California Labor and Employment Defense Blog

Bank of America pays $33 million in SEC Fines for Excess Bonuses

Employee bonuses continue to be a hot political issue.  The most recent exhibit was the SEC's announcement on Monday that Bank of America would pay $33 million in fines for not telling its shareholders that Merill Lynch would be allowed to pay $5.8 billion in executive bonuses prior to its merger with BofA.

While BofA's shareholders have every right to be upset about the non-disclosure, they must surely be wondering what good was accomplished by the SEC's action.  The $33 million fine is infinitesimal next to the $50 billion merger deal or the $5.8 billion in undisclosed bonuses.  But even more conceptually problematic is that the SEC fine will be paid by the same shareholders who were the victims of the non-disclosure in the first place.  So instead of an even $5.8 billion, the BofA shareholders are now out of pocket for $5,833,000,000.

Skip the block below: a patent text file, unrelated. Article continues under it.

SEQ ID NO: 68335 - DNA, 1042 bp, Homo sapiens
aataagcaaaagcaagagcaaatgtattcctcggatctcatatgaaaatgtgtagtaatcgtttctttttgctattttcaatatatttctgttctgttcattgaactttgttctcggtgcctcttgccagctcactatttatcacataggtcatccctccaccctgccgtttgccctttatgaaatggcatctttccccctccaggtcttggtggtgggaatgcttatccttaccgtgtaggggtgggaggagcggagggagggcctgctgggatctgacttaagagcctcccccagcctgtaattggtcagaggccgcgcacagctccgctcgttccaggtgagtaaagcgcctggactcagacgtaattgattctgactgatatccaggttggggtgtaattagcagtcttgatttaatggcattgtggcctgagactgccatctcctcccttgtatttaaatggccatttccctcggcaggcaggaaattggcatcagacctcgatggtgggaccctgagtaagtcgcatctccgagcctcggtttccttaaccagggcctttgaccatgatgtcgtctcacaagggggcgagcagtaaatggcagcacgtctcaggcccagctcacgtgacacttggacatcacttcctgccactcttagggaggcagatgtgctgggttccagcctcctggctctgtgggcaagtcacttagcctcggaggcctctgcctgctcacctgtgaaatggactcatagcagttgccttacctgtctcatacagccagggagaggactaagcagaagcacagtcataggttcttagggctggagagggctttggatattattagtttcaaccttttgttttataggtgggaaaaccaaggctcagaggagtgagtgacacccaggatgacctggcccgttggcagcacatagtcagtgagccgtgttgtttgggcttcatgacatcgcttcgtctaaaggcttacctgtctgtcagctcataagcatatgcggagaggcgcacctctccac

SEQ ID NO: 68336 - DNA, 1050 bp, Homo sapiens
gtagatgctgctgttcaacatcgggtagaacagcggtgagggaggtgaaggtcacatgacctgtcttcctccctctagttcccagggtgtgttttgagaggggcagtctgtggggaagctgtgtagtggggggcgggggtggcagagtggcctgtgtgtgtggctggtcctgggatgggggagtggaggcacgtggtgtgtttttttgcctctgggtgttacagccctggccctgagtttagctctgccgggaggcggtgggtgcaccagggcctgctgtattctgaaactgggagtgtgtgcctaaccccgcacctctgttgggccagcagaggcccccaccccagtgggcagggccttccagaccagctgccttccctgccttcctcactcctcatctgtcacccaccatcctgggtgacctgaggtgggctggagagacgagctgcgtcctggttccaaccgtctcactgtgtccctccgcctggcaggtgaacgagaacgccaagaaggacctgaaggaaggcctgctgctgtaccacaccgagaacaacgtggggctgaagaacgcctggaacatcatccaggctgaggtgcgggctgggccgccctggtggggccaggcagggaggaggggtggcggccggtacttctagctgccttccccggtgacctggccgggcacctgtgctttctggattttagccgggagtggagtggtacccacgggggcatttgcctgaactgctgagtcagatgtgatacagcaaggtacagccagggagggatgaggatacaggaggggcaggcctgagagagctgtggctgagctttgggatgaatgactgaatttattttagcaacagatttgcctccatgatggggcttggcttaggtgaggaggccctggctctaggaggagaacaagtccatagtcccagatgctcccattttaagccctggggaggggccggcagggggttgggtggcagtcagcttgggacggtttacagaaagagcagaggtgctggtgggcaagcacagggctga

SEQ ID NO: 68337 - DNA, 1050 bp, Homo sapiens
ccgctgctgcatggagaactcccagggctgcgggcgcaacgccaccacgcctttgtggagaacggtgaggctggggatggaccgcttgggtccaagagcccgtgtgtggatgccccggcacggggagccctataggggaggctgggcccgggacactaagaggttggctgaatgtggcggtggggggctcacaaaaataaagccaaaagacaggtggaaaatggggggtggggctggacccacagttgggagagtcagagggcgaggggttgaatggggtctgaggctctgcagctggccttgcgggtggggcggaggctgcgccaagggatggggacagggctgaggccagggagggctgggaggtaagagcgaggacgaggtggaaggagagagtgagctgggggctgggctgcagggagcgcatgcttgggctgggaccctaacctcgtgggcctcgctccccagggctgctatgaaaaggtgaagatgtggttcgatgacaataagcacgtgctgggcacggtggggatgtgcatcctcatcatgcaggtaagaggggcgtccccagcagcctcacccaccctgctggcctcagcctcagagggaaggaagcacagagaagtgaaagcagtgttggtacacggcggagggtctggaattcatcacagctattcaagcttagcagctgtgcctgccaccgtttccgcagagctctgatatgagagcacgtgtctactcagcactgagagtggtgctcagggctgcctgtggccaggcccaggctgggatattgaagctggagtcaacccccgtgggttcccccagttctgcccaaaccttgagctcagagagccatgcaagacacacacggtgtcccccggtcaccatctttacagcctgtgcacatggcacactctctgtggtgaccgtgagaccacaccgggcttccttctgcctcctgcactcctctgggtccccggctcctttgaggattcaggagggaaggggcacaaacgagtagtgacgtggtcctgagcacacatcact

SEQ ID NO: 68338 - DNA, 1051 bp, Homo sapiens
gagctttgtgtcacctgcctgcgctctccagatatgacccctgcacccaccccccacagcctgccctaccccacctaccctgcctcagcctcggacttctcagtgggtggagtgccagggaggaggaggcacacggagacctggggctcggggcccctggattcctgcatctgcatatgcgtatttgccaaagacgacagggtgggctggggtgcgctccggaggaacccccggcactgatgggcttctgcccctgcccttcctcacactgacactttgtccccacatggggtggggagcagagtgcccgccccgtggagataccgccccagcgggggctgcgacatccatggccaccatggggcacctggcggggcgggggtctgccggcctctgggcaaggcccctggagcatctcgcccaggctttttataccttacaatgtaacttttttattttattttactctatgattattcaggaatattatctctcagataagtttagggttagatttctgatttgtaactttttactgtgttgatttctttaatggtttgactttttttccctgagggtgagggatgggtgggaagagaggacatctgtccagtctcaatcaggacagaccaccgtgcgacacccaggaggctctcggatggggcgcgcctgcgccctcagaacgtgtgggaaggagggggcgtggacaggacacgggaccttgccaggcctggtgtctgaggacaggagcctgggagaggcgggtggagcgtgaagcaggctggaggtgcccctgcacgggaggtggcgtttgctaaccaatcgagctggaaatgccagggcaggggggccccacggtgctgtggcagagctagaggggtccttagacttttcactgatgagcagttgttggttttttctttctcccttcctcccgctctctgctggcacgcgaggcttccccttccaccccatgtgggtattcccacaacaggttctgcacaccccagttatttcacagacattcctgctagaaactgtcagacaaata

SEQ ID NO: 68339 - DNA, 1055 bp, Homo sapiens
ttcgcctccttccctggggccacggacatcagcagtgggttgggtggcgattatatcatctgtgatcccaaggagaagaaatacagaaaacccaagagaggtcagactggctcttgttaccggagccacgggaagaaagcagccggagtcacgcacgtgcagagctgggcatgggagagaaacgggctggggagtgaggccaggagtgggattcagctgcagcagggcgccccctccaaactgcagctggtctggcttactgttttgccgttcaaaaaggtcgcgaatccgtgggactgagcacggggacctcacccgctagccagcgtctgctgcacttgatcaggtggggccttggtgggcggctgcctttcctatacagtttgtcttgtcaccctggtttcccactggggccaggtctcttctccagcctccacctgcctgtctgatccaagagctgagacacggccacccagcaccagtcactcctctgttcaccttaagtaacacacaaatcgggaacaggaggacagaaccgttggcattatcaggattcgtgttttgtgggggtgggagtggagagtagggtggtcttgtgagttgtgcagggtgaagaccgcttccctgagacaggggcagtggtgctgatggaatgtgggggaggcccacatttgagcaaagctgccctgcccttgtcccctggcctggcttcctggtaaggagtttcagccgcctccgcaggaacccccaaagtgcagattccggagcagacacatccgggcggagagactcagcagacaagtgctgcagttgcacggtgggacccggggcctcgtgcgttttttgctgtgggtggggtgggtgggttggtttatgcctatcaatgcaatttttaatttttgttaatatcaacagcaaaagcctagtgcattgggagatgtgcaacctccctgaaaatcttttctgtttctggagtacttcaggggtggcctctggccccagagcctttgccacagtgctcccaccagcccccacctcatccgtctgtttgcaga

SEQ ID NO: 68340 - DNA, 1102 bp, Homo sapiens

At least the settlement made headlines and allowed the administration to underline its moral outrage against excessive bonus compensation.

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